Browse Prior Art Database

COLORED TONER OPTICAL DEVELOPABILITY SENSOR WITH IMPROVED SENSING LATITUDE

IP.com Disclosure Number: IPCOM000026023D
Original Publication Date: 1989-Oct-31
Included in the Prior Art Database: 2004-Apr-05
Document File: 2 page(s) / 127K

Publishing Venue

Xerox Disclosure Journal

Abstract

measurement o P the amount of unfused toner that is developed onto the One important rocess control in electrophotographic applications is the charge retentive surface. In Infrared Reflection Densitometer (IRD) sensors, such as that used, for example, in the Xerox 1065 copier, heretofore primarily for use with black toners, at a test patch exposed and developed specifically for process control purposes, a light emitting infrared diode illuminates the tonerlsurface combination, and a hotodiode is positioned to

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'EROX A DISCLOSURE JOURNAL

COLORED TONER OPTICAL Proposed Classification DEVELOPABILITY SENSOR WITH U.S. C1.355/14 IMPROVED SENSING LATITUDE
Michael A. Butler
Susan G. Lysy
Paul W. Morehouse, Jr.

Int. C1. G03g 21/00

One important rocess control in electrophotographic applications is the

charge retentive surface. In Infrared Reflection Densitometer (IRD) sensors, such as that used, for example, in the Xerox 1065 copier, heretofore primarily for use with black toners, at a test patch exposed and developed specifically for process control purposes, a light emitting infrared diode illuminates the tonerlsurface combination, and a hotodiode is positioned to

more toner is developed onto the surface, the amount of light specularly reflected from the toner/surface combination is attenuated. The process control measurement is the ratio between light reflected from the tonerlsurface combination and the bare surface. This ratio is referred to as the specular reflection ratio.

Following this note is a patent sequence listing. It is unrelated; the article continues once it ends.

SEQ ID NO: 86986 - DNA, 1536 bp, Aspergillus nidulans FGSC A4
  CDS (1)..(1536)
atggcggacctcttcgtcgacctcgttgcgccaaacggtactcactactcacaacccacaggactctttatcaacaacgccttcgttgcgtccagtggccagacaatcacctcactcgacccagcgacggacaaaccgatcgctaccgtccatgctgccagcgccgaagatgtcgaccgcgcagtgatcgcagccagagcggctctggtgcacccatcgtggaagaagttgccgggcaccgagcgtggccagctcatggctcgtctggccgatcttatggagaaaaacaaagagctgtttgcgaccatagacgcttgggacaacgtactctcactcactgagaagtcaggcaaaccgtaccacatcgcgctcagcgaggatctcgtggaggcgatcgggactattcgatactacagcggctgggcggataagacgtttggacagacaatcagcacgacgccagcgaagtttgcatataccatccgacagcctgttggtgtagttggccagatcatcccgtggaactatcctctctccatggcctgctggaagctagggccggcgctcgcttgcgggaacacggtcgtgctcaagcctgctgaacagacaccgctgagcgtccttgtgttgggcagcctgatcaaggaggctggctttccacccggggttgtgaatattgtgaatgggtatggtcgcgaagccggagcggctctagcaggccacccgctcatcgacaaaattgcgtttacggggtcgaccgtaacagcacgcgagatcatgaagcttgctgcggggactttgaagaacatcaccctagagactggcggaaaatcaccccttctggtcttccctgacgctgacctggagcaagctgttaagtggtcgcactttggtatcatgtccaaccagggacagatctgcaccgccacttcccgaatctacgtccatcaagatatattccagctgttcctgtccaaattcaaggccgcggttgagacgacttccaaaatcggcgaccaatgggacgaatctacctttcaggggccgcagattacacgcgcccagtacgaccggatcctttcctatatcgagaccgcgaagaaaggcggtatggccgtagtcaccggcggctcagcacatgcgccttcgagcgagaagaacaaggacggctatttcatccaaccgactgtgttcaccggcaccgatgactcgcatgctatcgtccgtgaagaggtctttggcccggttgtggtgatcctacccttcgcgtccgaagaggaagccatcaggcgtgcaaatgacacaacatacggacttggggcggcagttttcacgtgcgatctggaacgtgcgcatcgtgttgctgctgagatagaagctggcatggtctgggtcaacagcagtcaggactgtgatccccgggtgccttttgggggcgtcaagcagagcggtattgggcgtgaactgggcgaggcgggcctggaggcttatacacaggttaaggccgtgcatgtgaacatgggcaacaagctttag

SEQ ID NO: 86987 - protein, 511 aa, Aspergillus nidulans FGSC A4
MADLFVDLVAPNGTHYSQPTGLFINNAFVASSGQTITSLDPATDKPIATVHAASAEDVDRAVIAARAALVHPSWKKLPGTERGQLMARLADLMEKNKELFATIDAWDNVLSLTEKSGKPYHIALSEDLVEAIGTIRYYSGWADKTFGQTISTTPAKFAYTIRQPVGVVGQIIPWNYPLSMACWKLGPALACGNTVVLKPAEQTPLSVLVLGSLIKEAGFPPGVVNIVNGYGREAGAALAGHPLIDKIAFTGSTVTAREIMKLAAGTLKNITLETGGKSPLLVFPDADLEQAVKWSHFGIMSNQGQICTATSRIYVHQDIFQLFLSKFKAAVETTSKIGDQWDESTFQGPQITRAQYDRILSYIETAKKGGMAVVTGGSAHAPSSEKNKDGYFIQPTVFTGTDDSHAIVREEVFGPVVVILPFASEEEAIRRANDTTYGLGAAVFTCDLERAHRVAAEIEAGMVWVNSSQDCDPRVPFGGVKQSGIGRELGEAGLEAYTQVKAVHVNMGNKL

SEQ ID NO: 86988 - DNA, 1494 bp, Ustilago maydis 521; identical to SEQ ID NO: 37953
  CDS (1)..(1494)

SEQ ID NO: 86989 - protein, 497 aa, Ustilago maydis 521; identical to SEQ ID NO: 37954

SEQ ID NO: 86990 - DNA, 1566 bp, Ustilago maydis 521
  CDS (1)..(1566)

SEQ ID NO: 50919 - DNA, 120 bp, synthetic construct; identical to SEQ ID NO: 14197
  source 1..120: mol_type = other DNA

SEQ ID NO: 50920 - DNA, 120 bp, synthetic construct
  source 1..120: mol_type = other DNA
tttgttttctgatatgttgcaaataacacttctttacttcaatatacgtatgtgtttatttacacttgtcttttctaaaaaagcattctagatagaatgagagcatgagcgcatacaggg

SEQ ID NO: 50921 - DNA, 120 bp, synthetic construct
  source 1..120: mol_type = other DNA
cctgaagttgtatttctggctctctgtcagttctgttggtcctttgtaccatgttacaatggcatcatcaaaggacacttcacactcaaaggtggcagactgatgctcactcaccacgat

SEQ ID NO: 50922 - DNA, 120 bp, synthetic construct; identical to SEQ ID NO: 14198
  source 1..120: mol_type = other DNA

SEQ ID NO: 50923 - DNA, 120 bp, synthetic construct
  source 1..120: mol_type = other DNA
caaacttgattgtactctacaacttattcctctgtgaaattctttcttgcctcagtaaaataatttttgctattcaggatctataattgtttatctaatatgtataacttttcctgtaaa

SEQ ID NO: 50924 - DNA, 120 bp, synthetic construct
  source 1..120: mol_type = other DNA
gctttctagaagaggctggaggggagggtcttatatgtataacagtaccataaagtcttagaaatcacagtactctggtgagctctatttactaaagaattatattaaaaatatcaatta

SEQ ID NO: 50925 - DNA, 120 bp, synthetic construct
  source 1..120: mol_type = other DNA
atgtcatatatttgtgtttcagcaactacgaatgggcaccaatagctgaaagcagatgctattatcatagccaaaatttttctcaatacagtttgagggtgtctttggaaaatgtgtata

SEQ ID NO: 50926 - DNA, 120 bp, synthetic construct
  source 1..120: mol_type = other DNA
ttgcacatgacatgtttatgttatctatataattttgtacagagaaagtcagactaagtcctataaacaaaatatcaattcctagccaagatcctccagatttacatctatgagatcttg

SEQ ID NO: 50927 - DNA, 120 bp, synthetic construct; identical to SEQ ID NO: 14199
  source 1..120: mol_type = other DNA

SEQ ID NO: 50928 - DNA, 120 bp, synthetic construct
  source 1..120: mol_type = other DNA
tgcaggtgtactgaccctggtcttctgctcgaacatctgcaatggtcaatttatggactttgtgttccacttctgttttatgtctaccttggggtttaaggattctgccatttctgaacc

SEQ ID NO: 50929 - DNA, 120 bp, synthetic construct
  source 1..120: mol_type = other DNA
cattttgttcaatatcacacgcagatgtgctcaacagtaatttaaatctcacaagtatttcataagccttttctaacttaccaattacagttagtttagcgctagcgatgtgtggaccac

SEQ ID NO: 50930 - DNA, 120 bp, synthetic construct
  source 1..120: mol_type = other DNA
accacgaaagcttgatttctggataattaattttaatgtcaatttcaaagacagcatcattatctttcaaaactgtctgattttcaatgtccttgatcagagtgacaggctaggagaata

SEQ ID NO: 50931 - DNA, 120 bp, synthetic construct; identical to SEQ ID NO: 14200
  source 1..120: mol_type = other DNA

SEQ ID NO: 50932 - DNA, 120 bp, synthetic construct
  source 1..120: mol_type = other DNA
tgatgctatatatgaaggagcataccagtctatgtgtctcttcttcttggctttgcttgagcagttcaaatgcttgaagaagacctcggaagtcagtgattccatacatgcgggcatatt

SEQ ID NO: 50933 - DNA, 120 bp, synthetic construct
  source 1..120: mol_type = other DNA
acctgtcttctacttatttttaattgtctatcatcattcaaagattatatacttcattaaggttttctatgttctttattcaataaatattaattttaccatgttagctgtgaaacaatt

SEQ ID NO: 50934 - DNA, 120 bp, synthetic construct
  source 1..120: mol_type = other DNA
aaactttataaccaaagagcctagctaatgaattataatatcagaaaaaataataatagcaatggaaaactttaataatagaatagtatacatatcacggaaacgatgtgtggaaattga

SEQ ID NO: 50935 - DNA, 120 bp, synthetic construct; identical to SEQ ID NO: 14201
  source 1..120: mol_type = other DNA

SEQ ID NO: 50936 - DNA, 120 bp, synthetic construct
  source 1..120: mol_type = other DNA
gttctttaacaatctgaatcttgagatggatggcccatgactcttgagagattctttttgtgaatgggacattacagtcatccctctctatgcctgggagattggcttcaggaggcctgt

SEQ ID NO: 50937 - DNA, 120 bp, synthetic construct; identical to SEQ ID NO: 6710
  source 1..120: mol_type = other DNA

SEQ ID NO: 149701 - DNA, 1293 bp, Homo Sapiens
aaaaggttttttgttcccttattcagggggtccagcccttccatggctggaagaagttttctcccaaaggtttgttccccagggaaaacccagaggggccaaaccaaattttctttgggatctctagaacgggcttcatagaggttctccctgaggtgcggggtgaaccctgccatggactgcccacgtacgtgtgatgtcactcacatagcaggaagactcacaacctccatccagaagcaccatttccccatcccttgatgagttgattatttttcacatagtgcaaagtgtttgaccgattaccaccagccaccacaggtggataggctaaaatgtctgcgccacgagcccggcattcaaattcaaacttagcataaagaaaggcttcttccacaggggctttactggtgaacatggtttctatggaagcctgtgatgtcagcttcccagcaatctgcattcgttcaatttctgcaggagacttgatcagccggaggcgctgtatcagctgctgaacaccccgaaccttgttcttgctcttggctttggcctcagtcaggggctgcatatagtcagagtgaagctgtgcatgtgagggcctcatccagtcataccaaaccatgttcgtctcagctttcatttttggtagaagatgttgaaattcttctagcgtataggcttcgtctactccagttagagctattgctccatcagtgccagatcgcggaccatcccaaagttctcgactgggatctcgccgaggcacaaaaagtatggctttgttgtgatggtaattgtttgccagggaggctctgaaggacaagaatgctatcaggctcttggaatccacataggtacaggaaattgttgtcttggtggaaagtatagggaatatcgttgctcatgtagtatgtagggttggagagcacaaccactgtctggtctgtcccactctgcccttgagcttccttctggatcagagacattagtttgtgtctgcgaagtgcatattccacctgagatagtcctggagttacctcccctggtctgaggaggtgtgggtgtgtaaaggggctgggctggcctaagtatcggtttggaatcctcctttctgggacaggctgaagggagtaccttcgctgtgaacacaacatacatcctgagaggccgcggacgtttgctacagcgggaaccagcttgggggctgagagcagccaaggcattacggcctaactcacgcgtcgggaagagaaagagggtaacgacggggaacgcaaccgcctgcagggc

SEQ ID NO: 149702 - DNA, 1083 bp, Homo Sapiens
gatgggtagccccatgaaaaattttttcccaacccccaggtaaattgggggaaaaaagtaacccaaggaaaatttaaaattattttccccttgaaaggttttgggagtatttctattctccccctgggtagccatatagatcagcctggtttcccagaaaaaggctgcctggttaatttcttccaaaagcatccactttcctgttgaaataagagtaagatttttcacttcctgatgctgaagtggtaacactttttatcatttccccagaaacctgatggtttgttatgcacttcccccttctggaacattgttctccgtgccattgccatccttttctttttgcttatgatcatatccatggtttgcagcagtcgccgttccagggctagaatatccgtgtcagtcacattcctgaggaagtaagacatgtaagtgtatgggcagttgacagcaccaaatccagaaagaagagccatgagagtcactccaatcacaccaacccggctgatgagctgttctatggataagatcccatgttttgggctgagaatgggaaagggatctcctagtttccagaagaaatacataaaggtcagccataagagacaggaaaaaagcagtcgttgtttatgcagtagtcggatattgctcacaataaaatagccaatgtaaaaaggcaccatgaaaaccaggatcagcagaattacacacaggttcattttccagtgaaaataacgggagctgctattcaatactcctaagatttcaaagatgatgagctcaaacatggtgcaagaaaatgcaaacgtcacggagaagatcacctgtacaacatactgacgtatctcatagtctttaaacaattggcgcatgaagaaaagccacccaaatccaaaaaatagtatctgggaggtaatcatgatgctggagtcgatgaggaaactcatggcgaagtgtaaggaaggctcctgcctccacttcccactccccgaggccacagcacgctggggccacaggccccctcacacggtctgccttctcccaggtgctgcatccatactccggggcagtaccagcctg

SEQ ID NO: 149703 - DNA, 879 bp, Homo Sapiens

It has been found that when specular reflection-based developability sensors are used with colored toners, the specular reflection ratio becomes invariant for DMA (developed toner mass per unit area) values smaller than those associated with optimal control values. This decrease in sensitivity appears to result from scatterin of light by colored toners, since colored toners tend

specular reflection ratio is invariant with a value large compared to zero, as a result of the large angle subtended by the detector, and required to provide latitude in mounting the sensor with respect to the surface. Thus, for colored toners, both specular and diffusely reflected light is detected by the sensor. The diffusely reflected light tends to obscure changes in the specular component, and gives signal saturation at a substantial offset value.

U.S. Patent 4,553,033 to Hubble, III et al. teaches an LCIRD of the type useful for detecting the specular component of reflected light.

Certain toners that give the appearance of black toner may be composed of a combination of colored pigments mixed to present a black appearance, rather than carbon black pigments. It is of interest that such tone...